A Culture of Togetherness becomes clear

Saturday, December 9th, YMCA-Building in Wuerzburg: about 100 people from nearly 50 initiatives, communities and movements – which are active in Germany and connected in the network Together for Europe – come together for their annual national meeting.  

“Together – how otherwise?” This is the headline that summarizes for me for what we experienced on this day in Würzburg. Such a long way travelled together that has brought out what unites us and how much power reconciled togetherness has! “Indeed a „Culture of Togetherness“ becomes clear, and I wish with all of my heart that it may gain ground in our communities, in our country and in the whole of Europe”. That was how, Sr. Nicole Grochowina from Christusbruderschaft Selbitz summarized her impression of the day. And she continued: “Therefore I am fully in favor of continuing to visit each other and go beyond our borders; we should find new friends in east and west and go on to shape togetherness throughout Europe – and be enriched by this”.

Theme of the Day

Besides a review of experiences in Together for Europe 18 years after it began, this year the question about the future way forward for the ecumenical network was the focus of our shared thinking.

„Unity among the people of God is a challenge for the future of Together for Europe, especially on how east and west Europe can come together more”, Gerhard Pross reported from the recent meeting of the European group of “Friends” of Together for Europe in Vienna.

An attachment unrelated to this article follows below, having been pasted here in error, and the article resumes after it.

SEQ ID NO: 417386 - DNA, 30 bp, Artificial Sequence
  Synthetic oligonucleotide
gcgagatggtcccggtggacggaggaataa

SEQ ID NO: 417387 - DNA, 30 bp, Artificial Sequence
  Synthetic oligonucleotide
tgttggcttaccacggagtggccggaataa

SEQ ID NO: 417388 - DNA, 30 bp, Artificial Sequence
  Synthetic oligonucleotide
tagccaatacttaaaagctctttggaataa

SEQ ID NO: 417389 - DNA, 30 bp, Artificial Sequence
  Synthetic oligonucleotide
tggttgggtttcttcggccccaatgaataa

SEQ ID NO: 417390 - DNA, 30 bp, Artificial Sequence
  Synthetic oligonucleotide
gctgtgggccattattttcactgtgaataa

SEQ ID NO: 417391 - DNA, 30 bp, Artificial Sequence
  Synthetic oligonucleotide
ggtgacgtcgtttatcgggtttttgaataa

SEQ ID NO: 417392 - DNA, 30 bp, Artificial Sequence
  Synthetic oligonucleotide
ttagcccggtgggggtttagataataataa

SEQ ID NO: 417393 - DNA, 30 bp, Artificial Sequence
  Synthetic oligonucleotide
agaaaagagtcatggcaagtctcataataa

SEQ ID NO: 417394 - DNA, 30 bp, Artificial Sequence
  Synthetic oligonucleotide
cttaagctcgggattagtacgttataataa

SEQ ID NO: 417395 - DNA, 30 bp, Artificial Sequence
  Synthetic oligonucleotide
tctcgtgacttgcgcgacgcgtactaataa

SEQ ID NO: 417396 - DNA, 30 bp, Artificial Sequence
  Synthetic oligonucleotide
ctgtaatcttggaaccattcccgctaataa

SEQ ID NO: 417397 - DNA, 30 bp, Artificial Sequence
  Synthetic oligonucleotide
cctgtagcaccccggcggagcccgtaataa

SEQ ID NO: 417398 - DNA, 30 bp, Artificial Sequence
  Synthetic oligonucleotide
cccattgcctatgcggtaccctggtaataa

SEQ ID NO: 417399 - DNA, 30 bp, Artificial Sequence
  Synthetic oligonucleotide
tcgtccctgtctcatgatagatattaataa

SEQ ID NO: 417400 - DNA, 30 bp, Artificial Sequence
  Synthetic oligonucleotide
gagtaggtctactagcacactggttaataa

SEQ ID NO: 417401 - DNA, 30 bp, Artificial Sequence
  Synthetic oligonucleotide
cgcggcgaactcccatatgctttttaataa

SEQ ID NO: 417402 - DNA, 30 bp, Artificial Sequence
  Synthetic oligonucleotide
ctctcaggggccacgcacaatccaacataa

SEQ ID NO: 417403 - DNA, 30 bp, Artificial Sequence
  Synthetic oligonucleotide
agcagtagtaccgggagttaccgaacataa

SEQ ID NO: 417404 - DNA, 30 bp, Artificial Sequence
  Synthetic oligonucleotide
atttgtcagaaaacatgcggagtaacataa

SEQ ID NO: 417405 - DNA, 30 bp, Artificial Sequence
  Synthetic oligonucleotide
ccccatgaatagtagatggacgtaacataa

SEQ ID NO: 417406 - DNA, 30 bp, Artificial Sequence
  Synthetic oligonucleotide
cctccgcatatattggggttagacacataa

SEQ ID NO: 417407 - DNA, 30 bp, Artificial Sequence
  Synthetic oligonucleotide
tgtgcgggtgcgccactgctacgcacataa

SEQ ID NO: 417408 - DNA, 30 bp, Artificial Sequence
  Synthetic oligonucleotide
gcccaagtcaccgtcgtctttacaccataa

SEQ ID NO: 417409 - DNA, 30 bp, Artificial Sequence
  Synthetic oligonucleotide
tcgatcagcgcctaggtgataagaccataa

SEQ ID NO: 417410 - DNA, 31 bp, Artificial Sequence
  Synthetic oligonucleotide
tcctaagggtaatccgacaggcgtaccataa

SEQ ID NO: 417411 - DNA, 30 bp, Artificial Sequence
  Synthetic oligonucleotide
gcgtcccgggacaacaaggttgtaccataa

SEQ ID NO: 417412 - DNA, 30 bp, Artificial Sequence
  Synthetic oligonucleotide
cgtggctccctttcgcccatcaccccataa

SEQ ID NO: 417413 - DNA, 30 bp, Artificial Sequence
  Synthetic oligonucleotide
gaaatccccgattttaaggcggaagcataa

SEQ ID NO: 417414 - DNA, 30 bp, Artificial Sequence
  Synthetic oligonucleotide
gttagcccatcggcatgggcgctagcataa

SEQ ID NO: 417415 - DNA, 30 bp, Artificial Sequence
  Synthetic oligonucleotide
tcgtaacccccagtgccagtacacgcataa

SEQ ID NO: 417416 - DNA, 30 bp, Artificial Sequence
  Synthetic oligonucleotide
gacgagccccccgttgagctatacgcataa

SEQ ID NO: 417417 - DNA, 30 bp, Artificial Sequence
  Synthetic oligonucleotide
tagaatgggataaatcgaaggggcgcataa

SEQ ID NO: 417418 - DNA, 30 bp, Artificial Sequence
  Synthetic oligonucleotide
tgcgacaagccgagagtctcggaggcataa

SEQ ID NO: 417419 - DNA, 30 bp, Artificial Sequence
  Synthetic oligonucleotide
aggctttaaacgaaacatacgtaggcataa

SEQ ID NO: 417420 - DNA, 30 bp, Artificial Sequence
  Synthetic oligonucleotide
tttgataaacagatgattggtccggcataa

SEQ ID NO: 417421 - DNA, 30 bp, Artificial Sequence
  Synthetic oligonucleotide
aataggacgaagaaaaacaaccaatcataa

Experience of Togetherness

Many of the participants spontaneously reported about their positive experiences during the commemorations of the 500th anniversary of the reformation. There were also good experiences with “Prayer for Europe” on the occasion of 60th anniversary of the Treaties of Rome and after the Reconciliation Service between the Protestant and Catholic Church in Hildesheim. Roswitha Fuerg, from the Focolare-Movement in Solingen was „impressed by the openness and depth in Together for Europe that has grown over the years”.  The spontaneous reports of the participants showed how God leads people of different denominations and communities to get involved in this work for unity in many places“.

Fruits of Together for Europe after 18 years

Using the image of a growing tree, Sr. M. Vernita Weiss from the Schönstatt Movement made us envisage the fruits of Together for Europe after 18 years. She mentioned the deep roots from which a fruitful tree for the unity of Europe has grown and is growing.

Europe in the midst of challenges – A Culture of Togetherness

Regarding a Europe facing a lot of challenges from the political point of view, Gerhard Pross considered the task of Together for Europe first of all as living togetherness and mainly involving oneself in prayer for Europe.  But a discernment of spirits is also required. „At a time, when the old negative spirits that led Europe repeatedly into disasters are coming up again, we say our No to nationalism and state more clearly our Yes to the Gospel, to reconciliation and to love (…). We say Yes to a culture of relationships and covenants – No to simplistic and ‘one size fits all’ solutions. (see also the address by Gerhard Pross in Rom, 24.3.2017 

Steps towards the Future

Regarding the next steps, the participants shared the suggestions which had been developed during the annual meeting of the “Friends” of Together for Europe in Vienna. Especially highlighted were for example, encounters and mutual opportunities to meet and get to know each other with partners in Central and Eastern Europe as well as the idea to plan May 9th (already considered Europe Day) in 2018 and 2019 as a “Together for Europe Day” in the cities and regions.